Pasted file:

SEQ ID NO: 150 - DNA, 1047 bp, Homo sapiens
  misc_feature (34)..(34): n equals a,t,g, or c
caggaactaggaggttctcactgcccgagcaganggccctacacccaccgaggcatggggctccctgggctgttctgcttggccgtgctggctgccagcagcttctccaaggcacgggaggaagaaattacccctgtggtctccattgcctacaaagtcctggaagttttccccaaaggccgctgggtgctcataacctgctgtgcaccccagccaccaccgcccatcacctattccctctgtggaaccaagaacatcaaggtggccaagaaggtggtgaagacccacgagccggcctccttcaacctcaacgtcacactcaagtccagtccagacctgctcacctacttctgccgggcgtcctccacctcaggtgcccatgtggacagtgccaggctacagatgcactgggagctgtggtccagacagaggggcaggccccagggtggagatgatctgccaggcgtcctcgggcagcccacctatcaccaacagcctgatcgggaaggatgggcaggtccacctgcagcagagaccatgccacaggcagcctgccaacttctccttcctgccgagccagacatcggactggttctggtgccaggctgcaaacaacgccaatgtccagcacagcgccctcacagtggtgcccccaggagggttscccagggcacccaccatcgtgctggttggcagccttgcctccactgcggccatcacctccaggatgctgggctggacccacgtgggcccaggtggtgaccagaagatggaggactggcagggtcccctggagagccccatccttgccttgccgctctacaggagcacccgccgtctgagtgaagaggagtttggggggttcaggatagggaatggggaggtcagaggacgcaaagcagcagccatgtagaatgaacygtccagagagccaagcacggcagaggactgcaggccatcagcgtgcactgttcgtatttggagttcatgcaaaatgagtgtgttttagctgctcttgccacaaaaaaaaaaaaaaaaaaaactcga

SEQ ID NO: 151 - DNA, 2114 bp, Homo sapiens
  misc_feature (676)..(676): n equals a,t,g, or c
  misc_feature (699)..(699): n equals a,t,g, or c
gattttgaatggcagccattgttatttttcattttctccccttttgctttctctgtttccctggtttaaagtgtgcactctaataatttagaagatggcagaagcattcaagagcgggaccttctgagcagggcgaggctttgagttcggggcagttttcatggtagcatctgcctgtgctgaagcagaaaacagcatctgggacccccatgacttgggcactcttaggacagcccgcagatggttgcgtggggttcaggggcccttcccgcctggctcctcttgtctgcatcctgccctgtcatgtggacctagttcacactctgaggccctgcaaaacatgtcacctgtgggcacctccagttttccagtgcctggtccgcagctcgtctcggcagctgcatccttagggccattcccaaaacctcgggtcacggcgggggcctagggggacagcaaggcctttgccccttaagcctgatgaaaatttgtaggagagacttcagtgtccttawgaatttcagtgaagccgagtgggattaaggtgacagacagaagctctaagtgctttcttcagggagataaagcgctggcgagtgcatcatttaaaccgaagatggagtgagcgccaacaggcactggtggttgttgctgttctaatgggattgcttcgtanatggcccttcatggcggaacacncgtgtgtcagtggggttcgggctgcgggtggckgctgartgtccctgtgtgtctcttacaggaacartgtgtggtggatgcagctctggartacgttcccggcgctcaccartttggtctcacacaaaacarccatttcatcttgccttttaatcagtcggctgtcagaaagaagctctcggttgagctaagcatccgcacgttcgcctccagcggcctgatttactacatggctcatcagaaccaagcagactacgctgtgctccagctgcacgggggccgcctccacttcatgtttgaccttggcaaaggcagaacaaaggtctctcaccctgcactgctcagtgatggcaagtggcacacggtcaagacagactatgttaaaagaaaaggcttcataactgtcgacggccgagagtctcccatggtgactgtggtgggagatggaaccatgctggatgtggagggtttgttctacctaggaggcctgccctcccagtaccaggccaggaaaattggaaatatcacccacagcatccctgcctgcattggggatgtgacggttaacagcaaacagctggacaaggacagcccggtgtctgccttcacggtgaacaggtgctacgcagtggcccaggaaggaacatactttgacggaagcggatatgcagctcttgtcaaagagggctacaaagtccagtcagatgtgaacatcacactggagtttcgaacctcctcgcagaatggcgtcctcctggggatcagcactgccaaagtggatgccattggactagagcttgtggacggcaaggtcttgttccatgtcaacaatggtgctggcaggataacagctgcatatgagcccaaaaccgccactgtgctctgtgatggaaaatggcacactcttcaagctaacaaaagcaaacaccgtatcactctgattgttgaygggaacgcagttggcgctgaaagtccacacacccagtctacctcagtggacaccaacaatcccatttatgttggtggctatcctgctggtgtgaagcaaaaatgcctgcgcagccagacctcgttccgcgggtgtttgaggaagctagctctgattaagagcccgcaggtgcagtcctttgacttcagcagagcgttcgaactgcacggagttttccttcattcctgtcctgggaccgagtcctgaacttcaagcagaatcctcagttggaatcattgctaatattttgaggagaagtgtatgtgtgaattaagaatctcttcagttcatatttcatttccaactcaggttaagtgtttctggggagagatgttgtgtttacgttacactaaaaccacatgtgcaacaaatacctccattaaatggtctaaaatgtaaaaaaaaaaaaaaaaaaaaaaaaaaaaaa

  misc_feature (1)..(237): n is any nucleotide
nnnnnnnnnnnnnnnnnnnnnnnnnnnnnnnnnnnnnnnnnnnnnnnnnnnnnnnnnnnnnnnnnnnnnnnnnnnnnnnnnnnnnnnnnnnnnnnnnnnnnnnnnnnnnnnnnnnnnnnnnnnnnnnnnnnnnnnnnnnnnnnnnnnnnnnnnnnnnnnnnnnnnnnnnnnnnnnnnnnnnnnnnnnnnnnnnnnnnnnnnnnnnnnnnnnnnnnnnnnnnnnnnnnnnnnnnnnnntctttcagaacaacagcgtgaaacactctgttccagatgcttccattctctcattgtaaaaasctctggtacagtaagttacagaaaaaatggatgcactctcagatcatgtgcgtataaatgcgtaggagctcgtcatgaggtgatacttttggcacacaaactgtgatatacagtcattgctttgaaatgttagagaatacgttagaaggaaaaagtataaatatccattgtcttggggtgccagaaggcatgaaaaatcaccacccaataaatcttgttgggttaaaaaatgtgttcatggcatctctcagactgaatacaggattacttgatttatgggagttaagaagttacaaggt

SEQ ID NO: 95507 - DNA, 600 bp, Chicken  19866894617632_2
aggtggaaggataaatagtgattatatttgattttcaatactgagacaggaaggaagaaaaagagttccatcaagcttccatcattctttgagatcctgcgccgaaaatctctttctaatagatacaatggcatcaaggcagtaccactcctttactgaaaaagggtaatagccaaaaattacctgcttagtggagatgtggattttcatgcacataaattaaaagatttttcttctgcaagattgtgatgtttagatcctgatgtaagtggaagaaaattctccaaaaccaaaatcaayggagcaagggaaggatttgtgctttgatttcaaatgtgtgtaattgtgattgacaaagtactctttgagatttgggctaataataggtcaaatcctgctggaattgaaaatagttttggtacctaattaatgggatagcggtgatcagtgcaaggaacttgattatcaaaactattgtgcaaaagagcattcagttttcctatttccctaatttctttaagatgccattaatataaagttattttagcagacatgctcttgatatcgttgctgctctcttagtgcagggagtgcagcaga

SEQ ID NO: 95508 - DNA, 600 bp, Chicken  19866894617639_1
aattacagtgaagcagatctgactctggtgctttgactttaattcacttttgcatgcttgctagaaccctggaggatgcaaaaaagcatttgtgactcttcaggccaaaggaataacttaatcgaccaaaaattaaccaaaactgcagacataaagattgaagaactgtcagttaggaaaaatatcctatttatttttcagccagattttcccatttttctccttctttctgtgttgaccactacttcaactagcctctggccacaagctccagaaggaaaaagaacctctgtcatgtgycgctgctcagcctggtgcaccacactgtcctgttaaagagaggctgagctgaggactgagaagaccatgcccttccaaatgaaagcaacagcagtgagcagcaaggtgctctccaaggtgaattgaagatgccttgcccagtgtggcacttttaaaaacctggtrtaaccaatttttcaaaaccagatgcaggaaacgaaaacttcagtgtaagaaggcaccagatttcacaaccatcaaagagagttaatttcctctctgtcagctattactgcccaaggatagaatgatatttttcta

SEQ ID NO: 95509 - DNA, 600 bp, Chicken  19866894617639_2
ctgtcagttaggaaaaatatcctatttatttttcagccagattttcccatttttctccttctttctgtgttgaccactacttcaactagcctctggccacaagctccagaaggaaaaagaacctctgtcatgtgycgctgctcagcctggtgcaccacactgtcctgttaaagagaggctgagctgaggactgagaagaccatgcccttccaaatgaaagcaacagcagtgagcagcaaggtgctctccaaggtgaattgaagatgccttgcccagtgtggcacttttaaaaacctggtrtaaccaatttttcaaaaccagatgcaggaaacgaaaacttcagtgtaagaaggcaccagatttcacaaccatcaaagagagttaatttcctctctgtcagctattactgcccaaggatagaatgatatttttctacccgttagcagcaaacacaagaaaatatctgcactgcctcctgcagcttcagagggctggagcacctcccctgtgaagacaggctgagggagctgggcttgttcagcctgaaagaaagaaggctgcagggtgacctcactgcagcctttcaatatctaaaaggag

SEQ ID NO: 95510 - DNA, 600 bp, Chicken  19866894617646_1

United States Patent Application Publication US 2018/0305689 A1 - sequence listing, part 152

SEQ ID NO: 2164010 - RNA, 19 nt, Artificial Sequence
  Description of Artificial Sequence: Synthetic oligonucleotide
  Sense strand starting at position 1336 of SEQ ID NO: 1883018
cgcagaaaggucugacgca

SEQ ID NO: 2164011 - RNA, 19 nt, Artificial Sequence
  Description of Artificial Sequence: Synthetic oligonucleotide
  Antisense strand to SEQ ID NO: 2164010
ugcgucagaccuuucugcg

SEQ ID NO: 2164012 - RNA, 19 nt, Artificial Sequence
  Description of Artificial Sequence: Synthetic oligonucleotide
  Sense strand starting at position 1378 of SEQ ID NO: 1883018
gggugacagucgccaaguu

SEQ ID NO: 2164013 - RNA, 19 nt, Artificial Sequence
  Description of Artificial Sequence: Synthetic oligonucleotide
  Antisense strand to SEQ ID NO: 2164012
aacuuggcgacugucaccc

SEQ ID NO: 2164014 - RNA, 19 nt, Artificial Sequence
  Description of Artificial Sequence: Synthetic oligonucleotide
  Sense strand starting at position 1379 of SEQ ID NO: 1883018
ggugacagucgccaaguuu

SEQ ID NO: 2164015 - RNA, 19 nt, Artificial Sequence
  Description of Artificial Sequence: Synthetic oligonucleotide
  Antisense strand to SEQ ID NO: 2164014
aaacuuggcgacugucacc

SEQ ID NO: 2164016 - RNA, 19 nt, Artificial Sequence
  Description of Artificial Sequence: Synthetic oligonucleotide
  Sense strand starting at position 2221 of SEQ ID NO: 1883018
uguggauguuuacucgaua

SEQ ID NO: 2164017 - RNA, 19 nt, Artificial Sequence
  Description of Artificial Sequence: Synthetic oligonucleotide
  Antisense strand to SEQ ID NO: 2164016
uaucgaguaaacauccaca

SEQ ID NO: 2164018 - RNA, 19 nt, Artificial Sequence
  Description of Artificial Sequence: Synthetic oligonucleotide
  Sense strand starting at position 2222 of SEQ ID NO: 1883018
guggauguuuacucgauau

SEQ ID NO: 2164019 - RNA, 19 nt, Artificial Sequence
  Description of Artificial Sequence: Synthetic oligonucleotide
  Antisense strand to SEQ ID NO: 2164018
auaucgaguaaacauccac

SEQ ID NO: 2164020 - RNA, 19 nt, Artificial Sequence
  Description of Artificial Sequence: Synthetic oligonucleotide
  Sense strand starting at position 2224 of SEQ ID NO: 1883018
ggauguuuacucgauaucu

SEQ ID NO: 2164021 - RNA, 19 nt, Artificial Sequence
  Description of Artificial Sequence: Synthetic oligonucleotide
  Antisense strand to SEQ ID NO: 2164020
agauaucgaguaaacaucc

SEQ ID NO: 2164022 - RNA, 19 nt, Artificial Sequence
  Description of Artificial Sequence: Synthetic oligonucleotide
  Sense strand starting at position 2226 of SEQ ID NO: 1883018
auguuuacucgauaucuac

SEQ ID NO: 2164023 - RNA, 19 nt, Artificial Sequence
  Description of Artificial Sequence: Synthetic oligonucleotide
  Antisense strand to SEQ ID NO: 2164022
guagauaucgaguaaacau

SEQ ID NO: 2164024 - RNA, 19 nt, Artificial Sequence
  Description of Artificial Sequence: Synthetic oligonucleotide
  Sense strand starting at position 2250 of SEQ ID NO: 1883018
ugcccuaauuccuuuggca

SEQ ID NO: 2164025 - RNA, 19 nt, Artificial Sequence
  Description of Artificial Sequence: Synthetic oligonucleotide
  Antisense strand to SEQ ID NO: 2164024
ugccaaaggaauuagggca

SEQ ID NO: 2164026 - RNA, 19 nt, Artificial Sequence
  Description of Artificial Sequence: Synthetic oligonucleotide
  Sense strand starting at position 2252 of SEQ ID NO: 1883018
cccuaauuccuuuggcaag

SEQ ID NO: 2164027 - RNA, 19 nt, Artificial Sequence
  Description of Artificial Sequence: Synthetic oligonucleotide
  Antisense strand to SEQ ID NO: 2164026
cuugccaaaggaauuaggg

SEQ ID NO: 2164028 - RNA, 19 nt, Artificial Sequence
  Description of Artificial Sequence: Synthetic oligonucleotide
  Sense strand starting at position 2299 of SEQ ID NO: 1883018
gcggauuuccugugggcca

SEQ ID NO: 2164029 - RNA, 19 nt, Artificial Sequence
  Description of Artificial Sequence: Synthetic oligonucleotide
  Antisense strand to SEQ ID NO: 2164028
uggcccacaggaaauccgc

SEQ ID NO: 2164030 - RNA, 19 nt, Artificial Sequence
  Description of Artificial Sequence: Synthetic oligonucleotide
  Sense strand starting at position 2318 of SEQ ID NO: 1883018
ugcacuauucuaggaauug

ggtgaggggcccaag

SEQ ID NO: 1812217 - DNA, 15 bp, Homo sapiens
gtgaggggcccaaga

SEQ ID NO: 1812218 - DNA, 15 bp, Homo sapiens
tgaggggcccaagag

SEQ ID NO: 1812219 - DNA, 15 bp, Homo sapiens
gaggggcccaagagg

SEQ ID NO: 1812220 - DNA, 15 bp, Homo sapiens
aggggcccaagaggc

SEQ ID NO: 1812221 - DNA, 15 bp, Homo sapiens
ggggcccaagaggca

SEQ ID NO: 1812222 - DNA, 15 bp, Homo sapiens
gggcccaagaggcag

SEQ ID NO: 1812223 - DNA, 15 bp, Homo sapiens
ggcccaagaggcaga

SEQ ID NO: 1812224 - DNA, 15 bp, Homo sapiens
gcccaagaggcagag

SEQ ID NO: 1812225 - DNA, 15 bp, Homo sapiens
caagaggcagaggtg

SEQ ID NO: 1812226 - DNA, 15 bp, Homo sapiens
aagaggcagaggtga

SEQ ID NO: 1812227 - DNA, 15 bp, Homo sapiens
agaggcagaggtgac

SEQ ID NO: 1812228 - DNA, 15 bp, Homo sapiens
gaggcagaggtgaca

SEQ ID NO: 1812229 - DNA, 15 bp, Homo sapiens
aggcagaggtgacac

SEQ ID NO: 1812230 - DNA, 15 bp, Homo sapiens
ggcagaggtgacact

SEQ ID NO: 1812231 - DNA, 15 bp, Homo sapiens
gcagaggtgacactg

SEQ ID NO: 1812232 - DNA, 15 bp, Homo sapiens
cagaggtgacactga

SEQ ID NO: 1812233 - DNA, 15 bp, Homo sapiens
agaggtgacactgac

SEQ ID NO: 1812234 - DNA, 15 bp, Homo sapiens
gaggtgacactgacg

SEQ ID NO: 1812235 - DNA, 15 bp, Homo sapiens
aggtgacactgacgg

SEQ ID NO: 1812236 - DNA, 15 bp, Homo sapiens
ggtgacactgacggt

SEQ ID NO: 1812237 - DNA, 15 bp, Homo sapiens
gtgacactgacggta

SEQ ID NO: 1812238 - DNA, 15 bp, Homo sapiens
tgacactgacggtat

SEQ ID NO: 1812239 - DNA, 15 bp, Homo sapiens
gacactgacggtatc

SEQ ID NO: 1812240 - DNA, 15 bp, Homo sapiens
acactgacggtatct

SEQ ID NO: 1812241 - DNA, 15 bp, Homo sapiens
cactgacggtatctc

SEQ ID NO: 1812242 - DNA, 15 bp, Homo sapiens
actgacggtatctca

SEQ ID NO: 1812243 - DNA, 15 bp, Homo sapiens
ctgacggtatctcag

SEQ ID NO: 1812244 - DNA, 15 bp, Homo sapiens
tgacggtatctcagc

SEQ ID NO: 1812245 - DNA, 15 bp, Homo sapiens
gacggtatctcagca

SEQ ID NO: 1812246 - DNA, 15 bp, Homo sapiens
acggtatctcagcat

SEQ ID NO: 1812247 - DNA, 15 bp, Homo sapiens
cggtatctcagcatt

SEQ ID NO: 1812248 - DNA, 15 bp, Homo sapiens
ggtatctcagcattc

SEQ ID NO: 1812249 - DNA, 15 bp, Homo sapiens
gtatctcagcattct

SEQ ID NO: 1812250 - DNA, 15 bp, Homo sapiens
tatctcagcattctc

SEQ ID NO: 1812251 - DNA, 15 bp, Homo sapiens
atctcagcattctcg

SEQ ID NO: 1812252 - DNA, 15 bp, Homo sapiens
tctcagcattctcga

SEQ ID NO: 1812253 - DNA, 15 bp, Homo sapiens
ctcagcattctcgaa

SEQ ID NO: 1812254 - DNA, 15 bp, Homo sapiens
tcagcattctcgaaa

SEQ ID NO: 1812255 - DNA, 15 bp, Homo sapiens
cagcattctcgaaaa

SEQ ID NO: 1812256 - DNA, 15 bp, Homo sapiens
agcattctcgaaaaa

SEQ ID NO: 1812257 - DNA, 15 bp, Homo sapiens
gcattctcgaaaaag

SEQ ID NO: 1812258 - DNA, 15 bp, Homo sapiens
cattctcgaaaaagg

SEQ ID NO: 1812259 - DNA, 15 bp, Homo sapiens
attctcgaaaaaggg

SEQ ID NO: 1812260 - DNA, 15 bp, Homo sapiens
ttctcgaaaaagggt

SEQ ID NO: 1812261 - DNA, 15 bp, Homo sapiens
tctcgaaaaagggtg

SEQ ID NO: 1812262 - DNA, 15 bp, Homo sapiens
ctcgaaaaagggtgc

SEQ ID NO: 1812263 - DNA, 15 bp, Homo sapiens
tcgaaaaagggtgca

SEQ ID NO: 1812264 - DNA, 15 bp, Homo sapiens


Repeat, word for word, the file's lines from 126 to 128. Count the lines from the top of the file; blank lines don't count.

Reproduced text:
gaggcagaggtgaca

SEQ ID NO: 1812229 - DNA, 15 bp, Homo sapiens
aggcagaggtgacac